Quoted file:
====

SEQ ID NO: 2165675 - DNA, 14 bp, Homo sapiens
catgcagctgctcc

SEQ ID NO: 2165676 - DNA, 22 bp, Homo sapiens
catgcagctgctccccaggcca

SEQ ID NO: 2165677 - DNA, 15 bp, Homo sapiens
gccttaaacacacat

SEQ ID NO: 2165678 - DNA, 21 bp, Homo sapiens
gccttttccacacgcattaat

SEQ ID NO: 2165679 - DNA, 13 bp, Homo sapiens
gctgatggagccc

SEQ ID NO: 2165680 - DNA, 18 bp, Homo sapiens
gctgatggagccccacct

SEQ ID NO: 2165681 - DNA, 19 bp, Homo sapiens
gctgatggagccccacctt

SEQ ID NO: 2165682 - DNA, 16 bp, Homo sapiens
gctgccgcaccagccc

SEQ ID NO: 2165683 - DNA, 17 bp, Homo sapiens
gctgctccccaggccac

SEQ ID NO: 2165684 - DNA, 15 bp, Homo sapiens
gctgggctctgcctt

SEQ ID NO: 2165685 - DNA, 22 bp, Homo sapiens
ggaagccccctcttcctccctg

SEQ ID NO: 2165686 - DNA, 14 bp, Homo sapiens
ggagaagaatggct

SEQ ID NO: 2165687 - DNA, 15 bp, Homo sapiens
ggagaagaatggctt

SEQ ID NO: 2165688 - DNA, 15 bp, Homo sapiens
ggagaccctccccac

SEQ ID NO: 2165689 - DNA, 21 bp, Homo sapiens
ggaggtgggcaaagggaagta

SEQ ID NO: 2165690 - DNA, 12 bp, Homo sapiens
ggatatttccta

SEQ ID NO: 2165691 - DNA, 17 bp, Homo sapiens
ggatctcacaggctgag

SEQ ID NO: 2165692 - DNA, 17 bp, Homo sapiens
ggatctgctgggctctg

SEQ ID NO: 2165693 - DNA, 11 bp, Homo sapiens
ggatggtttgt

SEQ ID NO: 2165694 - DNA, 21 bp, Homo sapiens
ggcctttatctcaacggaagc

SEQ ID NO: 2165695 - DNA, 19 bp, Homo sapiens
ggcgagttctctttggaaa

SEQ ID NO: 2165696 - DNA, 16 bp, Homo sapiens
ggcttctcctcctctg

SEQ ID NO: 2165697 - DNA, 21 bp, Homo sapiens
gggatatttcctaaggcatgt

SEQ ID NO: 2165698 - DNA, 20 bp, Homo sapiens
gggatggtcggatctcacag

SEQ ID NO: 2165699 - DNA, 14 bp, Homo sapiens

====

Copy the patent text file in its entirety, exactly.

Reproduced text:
SEQ ID NO: 2165675 - DNA, 14 bp, Homo sapiens
catgcagctgctcc

SEQ ID NO: 2165676 - DNA, 22 bp, Homo sapiens
catgcagctgctccccaggcca

SEQ ID NO: 2165677 - DNA, 15 bp, Homo sapiens
gccttaaacacacat

SEQ ID NO: 2165678 - DNA, 21 bp, Homo sapiens
gccttttccacacgcattaat

SEQ ID NO: 2165679 - DNA, 13 bp, Homo sapiens
gctgatggagccc

SEQ ID NO: 2165680 - DNA, 18 bp, Homo sapiens
gctgatggagccccacct

SEQ ID NO: 2165681 - DNA, 19 bp, Homo sapiens
gctgatggagccccacctt

SEQ ID NO: 2165682 - DNA, 16 bp, Homo sapiens
gctgccgcaccagccc

SEQ ID NO: 2165683 - DNA, 17 bp, Homo sapiens
gctgctccccaggccac

SEQ ID NO: 2165684 - DNA, 15 bp, Homo sapiens
gctgggctctgcctt

SEQ ID NO: 2165685 - DNA, 22 bp, Homo sapiens
ggaagccccctcttcctccctg

SEQ ID NO: 2165686 - DNA, 14 bp, Homo sapiens
ggagaagaatggct

SEQ ID NO: 2165687 - DNA, 15 bp, Homo sapiens
ggagaagaatggctt

SEQ ID NO: 2165688 - DNA, 15 bp, Homo sapiens
ggagaccctccccac

SEQ ID NO: 2165689 - DNA, 21 bp, Homo sapiens
ggaggtgggcaaagggaagta

SEQ ID NO: 2165690 - DNA, 12 bp, Homo sapiens
ggatatttccta

SEQ ID NO: 2165691 - DNA, 17 bp, Homo sapiens
ggatctcacaggctgag

SEQ ID NO: 2165692 - DNA, 17 bp, Homo sapiens
ggatctgctgggctctg

SEQ ID NO: 2165693 - DNA, 11 bp, Homo sapiens
ggatggtttgt

SEQ ID NO: 2165694 - DNA, 21 bp, Homo sapiens
ggcctttatctcaacggaagc

SEQ ID NO: 2165695 - DNA, 19 bp, Homo sapiens
ggcgagttctctttggaaa

SEQ ID NO: 2165696 - DNA, 16 bp, Homo sapiens
ggcttctcctcctctg

SEQ ID NO: 2165697 - DNA, 21 bp, Homo sapiens
gggatatttcctaaggcatgt

SEQ ID NO: 2165698 - DNA, 20 bp, Homo sapiens
gggatggtcggatctcacag

SEQ ID NO: 2165699 - DNA, 14 bp, Homo sapiens